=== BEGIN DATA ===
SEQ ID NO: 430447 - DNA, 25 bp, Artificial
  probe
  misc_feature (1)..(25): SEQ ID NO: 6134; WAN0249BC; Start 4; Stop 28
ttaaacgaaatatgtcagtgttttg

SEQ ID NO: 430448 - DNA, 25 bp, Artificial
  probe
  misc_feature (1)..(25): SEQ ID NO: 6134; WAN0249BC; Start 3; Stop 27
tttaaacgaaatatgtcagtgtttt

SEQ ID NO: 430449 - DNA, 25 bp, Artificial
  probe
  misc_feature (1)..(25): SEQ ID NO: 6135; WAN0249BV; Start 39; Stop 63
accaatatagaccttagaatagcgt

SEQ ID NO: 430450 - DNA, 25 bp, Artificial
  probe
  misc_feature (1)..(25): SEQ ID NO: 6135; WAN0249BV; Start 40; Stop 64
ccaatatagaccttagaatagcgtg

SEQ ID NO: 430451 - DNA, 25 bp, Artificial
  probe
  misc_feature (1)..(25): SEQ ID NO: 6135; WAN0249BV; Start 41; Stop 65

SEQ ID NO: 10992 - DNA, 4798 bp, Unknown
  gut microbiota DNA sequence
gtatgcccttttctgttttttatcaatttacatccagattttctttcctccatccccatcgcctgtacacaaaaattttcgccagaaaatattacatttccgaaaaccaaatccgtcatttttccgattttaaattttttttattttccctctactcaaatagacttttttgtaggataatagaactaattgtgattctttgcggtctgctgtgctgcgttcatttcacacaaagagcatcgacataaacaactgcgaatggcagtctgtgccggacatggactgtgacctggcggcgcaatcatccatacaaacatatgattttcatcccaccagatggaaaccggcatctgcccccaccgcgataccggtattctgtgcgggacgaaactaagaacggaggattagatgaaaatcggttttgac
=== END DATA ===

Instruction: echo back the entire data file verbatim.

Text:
SEQ ID NO: 430447 - DNA, 25 bp, Artificial
  probe
  misc_feature (1)..(25): SEQ ID NO: 6134; WAN0249BC; Start 4; Stop 28
ttaaacgaaatatgtcagtgttttg

SEQ ID NO: 430448 - DNA, 25 bp, Artificial
  probe
  misc_feature (1)..(25): SEQ ID NO: 6134; WAN0249BC; Start 3; Stop 27
tttaaacgaaatatgtcagtgtttt

SEQ ID NO: 430449 - DNA, 25 bp, Artificial
  probe
  misc_feature (1)..(25): SEQ ID NO: 6135; WAN0249BV; Start 39; Stop 63
accaatatagaccttagaatagcgt

SEQ ID NO: 430450 - DNA, 25 bp, Artificial
  probe
  misc_feature (1)..(25): SEQ ID NO: 6135; WAN0249BV; Start 40; Stop 64
ccaatatagaccttagaatagcgtg

SEQ ID NO: 430451 - DNA, 25 bp, Artificial
  probe
  misc_feature (1)..(25): SEQ ID NO: 6135; WAN0249BV; Start 41; Stop 65

SEQ ID NO: 10992 - DNA, 4798 bp, Unknown
  gut microbiota DNA sequence
gtatgcccttttctgttttttatcaatttacatccagattttctttcctccatccccatcgcctgtacacaaaaattttcgccagaaaatattacatttccgaaaaccaaatccgtcatttttccgattttaaattttttttattttccctctactcaaatagacttttttgtaggataatagaactaattgtgattctttgcggtctgctgtgctgcgttcatttcacacaaagagcatcgacataaacaactgcgaatggcagtctgtgccggacatggactgtgacctggcggcgcaatcatccatacaaacatatgattttcatcccaccagatggaaaccggcatctgcccccaccgcgataccggtattctgtgcgggacgaaactaagaacggaggattagatgaaaatcggttttgac